Recent Examples on the Web: Noun Few world leaders have associated themselves more closely with Trump than Bolsonaro, the formerly fringe politician who won the Brazilian presidency in 2018, mimicking many of Trump’s campaign tactics. Washington Post, "Vladimir Putin, Kim Jong Un and other world leaders who have not acknowledged a Biden win," 9 Nov. 2020 What began as a fringe movement has exploded into the relative mainstream. Stacey Leasca, Glamour, "How to Talk to Your Friends About QAnon," 3 Nov. 2020 Marjorie Taylor Greene on Tuesday became the first member of Congress who has openly supported the far-right fringe movement QAnon. Barnini Chakraborty, Washington Examiner, "QAnon supporter Marjorie Taylor Greene wins Georgia House seat," 3 Nov. 2020 Conspiracy theories fed by QAnon aren’t impacting the election season simply because a once-fringe movement is making a lot of sense. Todd Martens Game Critic, Los Angeles Times, "When even Biden has an “Animal Crossing” island: Games are the new battleground state," 30 Oct. 2020 From rumors of civil war to threats of voter intimidation, Americans' concerns about the election and its aftermath have arisen as once-fringe ideas have leached into the mainstream. Marc Fisher, Anchorage Daily News, "To many Americans, the future looks dark if the other side wins the election," 25 Oct. 2020 Fertility benefits provider Carrot Fertility has closed a $24 million Series B round of funding—a broader industry indicator that the once-fringe sector is increasingly becoming part of mainstream healthcare. Beth Kowitt, Fortune, "Exclusive: Carrot Fertility closes $24 million Series B in a sign of the sector’s strength," 18 Aug. 2020 Cable channels such as Fox News and websites like Breitbart have drawn audiences by bringing fringe theories into the mainstream. The Economist, "Return of the paranoid style Fake news is fooling more conservatives than liberals. Why?," 3 June 2020 Italy’s interior minister, Luciana Lamorgese, has claimed a variety of fringe groups are using the crisis as an excuse for violence. Thomas Adamson, Anchorage Daily News, "France and Germany impose new lockdowns to curb coronavirus spread," 28 Oct. 2020 Recent Examples on the Web: Verb The corporations spent more than $200 million to pass the measure, arguing that their drivers preferred independence and sweetening the deal with some income guarantees and fringe benefits. Dan Walters, SFChronicle.com, "Lessons from the California vote: state not as deep blue as many believe," 6 Nov. 2020 To further complicate things, Democrats have lost some of their influence in the House, with some truly fringe right-wingers having won elections this year. Sarah Midkiff, refinery29.com, "With All Eyes On The Presidential Race, Nobody Is Talking About This Troubling Republican Victory," 5 Nov. 2020 QAnon marketplaces bridge mainstream and fringe online platforms. Washington Post, "QAnon learns to survive — and even thrive — after Silicon Valley’s crackdown," 28 Oct. 2020 Dailey had received just under $313,000 in salary and fringe benefits from the school during the fiscal year that ended in June 2014, according to the state. Pat Eaton-robb, courant.com, "Women basketball coaches at UConn were underpaid, U.S. Labor Department finds," 20 Oct. 2020 Most alternate site rosters were comprised mostly of Triple-A or fringe major leaguers. Evan Grant, Dallas News, "How the Rangers made the most of Alternate Site in a season without Minor League Baseball," 20 Sep. 2020 Every stitch, pleat, and fringe detail is intentional. Eliza Huber, refinery29.com, "Kendra Duplantier’s Brand Was A Decade In The Making — Now It’s Here," 28 Aug. 2020 Ads were being directed away from the likes of Time and Der Spiegel but were still finding their way to, say, fringe sites that promoted drinking bleach to cure autism. Gilad Edelman, Wired, "She Helped Wreck the News Business. Here’s Her Plan to Fix It," 13 Aug. 2020 The QAnon conspiracy, once relegated to fringe corners of the internet, has become more mainstream over the past few months, aided in part by the coronavirus pandemic pulling more people into virtual spaces. Taylor Stevens, The Salt Lake Tribune, "Former Utah lawmaker calls on RNC to remove Burgess Owens’ speaking slot amid questions about his QAnon ties," 25 Aug. 2020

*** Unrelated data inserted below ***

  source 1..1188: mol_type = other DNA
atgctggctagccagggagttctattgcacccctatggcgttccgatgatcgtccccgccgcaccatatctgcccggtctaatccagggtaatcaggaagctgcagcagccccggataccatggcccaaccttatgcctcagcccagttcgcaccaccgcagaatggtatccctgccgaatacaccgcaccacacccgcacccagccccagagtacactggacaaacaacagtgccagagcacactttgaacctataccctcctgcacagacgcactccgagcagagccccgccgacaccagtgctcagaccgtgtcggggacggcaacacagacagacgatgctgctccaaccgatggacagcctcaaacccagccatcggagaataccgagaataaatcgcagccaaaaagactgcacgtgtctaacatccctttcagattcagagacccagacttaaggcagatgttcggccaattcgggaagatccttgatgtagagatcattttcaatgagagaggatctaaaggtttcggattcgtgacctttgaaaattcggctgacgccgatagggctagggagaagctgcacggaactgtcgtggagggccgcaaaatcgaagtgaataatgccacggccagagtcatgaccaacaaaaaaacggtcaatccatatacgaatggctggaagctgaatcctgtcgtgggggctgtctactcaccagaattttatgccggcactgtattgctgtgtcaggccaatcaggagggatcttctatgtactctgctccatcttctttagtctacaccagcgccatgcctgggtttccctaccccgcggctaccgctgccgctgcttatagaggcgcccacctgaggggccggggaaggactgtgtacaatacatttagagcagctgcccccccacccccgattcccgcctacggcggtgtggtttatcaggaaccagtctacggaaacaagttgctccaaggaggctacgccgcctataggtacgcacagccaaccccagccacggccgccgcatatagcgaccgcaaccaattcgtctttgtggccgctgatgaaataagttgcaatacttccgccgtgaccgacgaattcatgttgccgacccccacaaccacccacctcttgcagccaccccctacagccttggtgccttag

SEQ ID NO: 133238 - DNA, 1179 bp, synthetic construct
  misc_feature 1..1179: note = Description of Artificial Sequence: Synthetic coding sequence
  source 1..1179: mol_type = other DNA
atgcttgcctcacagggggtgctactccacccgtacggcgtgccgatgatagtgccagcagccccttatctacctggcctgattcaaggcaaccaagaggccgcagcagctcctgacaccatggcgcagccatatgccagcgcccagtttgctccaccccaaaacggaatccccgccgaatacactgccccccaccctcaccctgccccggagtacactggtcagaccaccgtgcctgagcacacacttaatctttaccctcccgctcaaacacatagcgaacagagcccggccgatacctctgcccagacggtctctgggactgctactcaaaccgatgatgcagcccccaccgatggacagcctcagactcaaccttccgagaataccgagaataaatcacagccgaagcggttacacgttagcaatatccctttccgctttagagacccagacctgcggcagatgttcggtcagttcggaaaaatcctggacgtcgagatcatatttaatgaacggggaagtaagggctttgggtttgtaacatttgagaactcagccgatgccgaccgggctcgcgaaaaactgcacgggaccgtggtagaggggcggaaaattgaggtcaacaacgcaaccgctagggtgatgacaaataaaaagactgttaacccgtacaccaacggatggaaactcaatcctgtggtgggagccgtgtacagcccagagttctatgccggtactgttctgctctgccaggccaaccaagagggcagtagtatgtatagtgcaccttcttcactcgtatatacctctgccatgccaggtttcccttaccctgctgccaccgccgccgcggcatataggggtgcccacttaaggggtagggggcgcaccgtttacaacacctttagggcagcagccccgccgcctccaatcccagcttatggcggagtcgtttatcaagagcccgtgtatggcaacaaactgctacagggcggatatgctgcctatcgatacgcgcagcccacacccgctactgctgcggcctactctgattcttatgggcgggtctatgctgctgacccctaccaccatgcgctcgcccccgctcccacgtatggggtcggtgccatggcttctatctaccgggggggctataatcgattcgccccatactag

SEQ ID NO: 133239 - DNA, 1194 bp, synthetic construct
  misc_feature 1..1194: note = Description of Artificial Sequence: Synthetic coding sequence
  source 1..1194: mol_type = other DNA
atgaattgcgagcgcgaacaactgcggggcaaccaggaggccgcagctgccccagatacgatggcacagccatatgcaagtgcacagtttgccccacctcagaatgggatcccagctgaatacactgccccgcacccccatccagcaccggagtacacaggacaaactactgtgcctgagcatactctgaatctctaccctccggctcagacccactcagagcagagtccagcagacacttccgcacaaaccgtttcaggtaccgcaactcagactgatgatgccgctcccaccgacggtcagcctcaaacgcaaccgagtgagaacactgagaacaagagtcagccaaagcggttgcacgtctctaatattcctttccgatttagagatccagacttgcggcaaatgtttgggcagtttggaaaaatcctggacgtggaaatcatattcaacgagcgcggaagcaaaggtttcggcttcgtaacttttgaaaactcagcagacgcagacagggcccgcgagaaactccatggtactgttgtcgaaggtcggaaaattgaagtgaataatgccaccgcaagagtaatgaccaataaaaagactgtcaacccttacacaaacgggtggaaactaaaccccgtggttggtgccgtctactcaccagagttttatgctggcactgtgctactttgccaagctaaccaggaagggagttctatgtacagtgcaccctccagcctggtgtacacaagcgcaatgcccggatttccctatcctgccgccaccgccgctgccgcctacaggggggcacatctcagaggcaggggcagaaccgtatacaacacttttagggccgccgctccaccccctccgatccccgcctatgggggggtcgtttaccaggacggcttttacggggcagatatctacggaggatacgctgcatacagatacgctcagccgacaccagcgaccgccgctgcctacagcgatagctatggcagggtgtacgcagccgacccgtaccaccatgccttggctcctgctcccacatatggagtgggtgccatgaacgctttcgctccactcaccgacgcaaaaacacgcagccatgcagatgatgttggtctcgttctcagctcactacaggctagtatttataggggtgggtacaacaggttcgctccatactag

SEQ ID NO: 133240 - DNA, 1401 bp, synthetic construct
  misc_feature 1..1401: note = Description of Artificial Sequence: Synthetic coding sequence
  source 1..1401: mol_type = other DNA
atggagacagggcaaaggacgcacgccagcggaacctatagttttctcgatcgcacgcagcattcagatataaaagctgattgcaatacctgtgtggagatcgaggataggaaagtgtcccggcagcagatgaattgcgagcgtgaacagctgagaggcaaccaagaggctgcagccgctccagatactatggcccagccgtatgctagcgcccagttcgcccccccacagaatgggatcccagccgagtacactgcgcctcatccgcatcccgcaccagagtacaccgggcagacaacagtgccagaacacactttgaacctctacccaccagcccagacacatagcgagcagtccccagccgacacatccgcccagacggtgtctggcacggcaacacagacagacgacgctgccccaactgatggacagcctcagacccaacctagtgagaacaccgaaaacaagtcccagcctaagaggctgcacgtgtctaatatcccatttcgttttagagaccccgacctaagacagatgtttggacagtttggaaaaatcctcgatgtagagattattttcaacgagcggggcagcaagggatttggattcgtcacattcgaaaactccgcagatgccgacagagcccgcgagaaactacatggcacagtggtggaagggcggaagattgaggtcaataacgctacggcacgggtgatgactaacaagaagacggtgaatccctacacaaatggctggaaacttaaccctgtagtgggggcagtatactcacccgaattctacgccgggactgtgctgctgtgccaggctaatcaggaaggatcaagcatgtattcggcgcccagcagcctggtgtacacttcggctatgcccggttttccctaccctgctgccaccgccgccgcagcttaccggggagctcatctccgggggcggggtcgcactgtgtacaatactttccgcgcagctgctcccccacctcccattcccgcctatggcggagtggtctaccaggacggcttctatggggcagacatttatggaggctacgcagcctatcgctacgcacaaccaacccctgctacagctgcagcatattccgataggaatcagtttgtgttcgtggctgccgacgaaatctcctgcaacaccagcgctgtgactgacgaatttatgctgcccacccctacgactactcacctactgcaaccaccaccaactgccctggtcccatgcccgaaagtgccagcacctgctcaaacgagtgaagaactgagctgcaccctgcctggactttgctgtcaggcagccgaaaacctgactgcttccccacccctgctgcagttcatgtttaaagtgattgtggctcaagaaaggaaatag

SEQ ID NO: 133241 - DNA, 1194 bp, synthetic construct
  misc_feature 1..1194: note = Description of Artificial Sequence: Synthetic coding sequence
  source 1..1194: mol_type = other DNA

These example sentences are selected automatically from various online news sources to reflect current usage of the word 'fringe.' Views expressed in the examples do not represent the opinion of Merriam-Webster or its editors. Send us feedback.